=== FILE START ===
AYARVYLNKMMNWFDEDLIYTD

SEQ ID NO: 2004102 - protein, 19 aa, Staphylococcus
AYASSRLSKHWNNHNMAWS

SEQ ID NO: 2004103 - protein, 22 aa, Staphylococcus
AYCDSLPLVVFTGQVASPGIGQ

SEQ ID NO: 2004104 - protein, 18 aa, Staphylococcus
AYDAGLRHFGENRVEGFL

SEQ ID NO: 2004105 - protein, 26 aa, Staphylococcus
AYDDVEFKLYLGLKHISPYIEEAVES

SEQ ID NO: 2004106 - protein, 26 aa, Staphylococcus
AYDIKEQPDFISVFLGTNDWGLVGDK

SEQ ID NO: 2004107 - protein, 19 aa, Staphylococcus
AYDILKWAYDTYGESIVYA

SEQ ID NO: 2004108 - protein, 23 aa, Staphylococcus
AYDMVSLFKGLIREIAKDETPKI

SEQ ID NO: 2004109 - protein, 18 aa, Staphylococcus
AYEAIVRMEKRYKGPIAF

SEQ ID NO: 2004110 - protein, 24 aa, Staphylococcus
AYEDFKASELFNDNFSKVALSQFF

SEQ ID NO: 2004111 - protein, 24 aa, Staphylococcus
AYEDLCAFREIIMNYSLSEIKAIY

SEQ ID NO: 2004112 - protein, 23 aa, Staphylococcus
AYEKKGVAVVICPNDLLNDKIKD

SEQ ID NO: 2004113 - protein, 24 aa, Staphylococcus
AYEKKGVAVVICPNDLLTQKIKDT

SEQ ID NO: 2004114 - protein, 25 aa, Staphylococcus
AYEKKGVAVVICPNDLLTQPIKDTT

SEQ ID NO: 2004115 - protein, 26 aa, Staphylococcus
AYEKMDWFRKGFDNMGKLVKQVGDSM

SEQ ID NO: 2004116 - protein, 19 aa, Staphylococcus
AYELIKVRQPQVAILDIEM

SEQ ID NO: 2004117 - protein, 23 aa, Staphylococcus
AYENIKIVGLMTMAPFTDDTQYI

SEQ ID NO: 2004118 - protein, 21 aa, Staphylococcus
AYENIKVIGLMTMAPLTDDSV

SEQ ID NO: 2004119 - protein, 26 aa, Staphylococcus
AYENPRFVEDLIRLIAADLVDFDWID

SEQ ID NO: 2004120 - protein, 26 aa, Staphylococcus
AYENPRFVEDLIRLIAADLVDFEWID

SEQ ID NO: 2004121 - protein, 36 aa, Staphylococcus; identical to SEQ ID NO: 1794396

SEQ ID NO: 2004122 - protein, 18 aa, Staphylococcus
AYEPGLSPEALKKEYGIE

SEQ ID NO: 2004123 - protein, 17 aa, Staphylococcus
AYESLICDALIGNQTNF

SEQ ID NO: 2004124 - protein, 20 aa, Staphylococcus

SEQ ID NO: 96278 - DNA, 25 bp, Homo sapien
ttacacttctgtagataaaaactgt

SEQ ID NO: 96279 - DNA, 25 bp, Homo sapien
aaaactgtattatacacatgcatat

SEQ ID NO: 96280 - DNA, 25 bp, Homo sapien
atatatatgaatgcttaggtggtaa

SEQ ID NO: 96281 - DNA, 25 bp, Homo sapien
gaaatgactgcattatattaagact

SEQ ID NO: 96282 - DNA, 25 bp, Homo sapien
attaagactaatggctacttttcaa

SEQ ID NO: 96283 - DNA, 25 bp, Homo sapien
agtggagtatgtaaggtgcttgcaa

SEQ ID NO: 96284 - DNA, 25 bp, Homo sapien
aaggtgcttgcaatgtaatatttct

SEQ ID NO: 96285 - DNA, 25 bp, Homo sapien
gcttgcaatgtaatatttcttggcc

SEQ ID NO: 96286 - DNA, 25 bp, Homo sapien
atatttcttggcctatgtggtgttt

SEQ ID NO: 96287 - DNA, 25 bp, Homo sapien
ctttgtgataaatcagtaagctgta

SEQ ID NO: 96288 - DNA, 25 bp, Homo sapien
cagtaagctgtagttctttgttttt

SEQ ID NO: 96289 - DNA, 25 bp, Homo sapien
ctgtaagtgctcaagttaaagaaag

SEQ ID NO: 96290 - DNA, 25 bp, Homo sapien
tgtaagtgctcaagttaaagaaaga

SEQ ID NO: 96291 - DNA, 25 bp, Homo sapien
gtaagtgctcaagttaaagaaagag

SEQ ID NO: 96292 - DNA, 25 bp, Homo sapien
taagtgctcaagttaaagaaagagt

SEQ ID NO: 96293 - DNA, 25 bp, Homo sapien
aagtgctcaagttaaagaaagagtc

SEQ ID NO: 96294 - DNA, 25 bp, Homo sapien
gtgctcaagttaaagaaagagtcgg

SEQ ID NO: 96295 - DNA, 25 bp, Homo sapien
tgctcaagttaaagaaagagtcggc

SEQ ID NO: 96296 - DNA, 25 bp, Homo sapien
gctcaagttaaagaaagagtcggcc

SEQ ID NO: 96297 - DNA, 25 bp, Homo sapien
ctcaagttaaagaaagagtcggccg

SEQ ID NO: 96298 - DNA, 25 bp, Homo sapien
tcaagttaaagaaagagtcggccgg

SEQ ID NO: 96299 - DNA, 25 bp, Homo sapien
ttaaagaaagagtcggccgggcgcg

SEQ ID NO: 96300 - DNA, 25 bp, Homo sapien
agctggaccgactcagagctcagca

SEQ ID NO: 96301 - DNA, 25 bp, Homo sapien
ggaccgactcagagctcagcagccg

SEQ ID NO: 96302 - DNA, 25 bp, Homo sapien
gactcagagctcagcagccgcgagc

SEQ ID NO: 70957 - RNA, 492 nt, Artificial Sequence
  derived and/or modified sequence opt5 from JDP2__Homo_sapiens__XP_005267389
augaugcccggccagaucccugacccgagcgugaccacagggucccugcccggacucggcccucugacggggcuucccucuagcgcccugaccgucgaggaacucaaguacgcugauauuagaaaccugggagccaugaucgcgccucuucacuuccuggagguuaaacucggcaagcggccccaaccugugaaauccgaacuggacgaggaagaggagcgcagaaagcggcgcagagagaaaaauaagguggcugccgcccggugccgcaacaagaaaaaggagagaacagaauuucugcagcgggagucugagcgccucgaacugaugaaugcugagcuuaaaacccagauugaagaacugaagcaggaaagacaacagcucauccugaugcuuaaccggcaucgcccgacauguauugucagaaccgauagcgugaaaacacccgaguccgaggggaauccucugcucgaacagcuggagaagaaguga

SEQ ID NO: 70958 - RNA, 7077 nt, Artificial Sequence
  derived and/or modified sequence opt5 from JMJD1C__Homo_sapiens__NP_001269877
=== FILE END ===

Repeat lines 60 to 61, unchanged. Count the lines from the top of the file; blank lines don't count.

SEQ ID NO: 96285 - DNA, 25 bp, Homo sapien
gcttgcaatgtaatatttcttggcc